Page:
How do you get your resume moved to the top of the pile in this tough economy? By knowing someone inside the company, of course.
But that is a challenge if you've just moved to the US from a war-damaged country like Iraq. More than 8,000 Iraqis have relocated to San Diego County since 2005, making it one of the largest Iraqi refugee communities in the country, and many of them are looking for work.
At a workshop, a dozen well-dressed men and women write down the names of everyone they know who could possibly help them find a job. Some finish quickly – they've only been in the country for a few months.
The workshop is a training session to help the new arrivals get ready for an International Night of Networking. The event is put on by some San Diego refugee resettlement agencies to connect high-skilled refugees with potential employers.
The group in the room includes several engineers, a nurse, an anesthesiologist and a dentist. "Iraqi refugees are a particularly well-educated group," said Ralph Achenbach of the San Diego Refugee Forum.
"We see in that population, many with professional credentials, advanced degrees and accomplished careers."
That doesn't mean it's easy for them to find jobs here in the US, at least not these days.
Salih Habib, an IT specialist and graphic designer from Baghdad, worked for several large American companies in Iraq, and served as an interpreter for the US military. Habib came to San Diego more than a year ago, but still hasn't found a job.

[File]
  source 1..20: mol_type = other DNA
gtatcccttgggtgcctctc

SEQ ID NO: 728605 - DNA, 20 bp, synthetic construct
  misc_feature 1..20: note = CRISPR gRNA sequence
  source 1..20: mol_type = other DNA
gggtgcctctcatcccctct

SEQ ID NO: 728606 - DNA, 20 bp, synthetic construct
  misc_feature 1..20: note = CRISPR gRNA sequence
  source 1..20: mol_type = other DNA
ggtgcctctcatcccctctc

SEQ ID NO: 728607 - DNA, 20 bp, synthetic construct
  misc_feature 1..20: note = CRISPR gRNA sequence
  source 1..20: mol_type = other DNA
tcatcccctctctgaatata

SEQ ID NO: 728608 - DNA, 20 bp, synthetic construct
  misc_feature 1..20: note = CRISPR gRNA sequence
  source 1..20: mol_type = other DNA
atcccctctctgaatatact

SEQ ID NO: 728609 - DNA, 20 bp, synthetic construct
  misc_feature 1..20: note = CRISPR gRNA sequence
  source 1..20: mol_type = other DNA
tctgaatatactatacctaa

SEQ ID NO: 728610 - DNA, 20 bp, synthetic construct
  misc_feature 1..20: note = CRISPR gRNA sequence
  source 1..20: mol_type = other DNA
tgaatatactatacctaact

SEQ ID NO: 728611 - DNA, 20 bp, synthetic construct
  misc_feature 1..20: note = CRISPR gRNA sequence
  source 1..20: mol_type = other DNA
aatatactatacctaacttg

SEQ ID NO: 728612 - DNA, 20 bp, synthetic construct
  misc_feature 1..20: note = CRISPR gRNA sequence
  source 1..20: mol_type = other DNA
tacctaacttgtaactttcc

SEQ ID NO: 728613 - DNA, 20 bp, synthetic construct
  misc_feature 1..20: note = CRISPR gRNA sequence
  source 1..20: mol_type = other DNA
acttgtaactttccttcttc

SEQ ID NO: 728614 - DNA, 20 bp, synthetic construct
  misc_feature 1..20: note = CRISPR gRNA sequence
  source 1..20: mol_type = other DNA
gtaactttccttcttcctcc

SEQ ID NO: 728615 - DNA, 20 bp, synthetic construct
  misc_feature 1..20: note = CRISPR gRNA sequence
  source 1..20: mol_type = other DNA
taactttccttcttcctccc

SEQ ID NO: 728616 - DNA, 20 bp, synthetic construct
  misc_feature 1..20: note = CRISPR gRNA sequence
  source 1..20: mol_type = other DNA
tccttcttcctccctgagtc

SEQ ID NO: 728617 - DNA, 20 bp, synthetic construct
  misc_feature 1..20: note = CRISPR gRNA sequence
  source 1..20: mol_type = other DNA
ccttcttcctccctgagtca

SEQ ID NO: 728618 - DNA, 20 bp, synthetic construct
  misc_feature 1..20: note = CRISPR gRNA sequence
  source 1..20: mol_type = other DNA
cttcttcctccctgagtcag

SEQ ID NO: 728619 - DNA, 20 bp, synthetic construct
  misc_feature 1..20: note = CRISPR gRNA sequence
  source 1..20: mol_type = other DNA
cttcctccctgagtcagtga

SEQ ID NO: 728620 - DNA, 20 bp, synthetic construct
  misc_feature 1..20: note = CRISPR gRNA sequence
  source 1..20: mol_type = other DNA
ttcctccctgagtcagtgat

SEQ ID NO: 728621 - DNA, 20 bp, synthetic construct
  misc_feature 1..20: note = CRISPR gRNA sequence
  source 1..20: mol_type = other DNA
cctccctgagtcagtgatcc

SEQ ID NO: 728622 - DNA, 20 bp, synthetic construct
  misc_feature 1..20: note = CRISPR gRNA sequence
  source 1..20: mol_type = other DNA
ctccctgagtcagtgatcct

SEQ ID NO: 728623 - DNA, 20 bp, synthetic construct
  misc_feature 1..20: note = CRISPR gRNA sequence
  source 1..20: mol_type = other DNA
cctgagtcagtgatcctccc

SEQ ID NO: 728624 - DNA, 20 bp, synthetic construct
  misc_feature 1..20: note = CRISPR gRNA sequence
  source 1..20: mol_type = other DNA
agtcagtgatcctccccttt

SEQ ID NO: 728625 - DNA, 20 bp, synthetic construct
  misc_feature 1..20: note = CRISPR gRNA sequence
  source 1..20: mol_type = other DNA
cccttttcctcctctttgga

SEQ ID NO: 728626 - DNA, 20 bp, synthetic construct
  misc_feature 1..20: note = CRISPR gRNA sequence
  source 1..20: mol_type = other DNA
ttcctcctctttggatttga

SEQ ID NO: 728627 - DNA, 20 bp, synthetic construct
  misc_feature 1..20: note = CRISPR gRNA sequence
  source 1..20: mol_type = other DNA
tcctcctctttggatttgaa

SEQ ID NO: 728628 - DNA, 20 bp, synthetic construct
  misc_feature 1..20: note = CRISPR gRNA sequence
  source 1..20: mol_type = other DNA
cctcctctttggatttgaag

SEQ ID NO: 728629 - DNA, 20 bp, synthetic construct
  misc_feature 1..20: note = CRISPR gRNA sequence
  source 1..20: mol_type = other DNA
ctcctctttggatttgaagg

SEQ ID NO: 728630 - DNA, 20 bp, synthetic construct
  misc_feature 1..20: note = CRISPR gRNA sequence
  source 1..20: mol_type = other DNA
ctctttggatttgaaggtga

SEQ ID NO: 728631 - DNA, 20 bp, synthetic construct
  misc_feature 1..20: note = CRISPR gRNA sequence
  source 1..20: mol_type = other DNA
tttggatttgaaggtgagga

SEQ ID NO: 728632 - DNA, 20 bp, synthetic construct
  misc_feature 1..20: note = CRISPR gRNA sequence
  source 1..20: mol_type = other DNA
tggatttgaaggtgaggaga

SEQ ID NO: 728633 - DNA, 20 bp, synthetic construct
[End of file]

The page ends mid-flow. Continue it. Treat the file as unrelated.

"I don't know why, maybe it's hard luck," Habib said, "or maybe it's because of my age. I'm over 50."
Habib and other Iraqi refugees face another barrier to finding a job.
"When you come here, you have to buy a car, because you can't find a job without a car," Habib said. "And you can't buy a car, if you don't have a job."
Habib said he has applied for about 100 jobs, and only scored a handful of interviews. But he is hoping to make some headway at the International Night of Networking.
International Night of Networking
Dark-haired men and women in dress suits and sport coats, with stick-on name tags, wander around the room, trying to put their newly-developed networking skills to good use. In front, a projector flashes images of the job seekers, along with their names and professions.
One young man, who doesn't give his name, jumps from employer to employer. He said he studied IT at Baghdad University, but employers here don't recognize his degree, a common problem. Still, he gets a promising sign from a partner in a small electronics firm, who encourages him to send a resume.
For Habib, the night is "useful," because he networked with people from two professional organizations of engineers. Habib said they gave him good ideas about more networking.
In this job-scarce economy, that serves as good news.
In the meantime, Habib said, he has applied for a security job and substitute teaching job. He also applied for a seasonal sales job at Sears, and said they offered him the job.
But that was a month ago, and they still haven't called him to begin orientation. After more than a year of job hunting, Habib said he has starting to lose hope.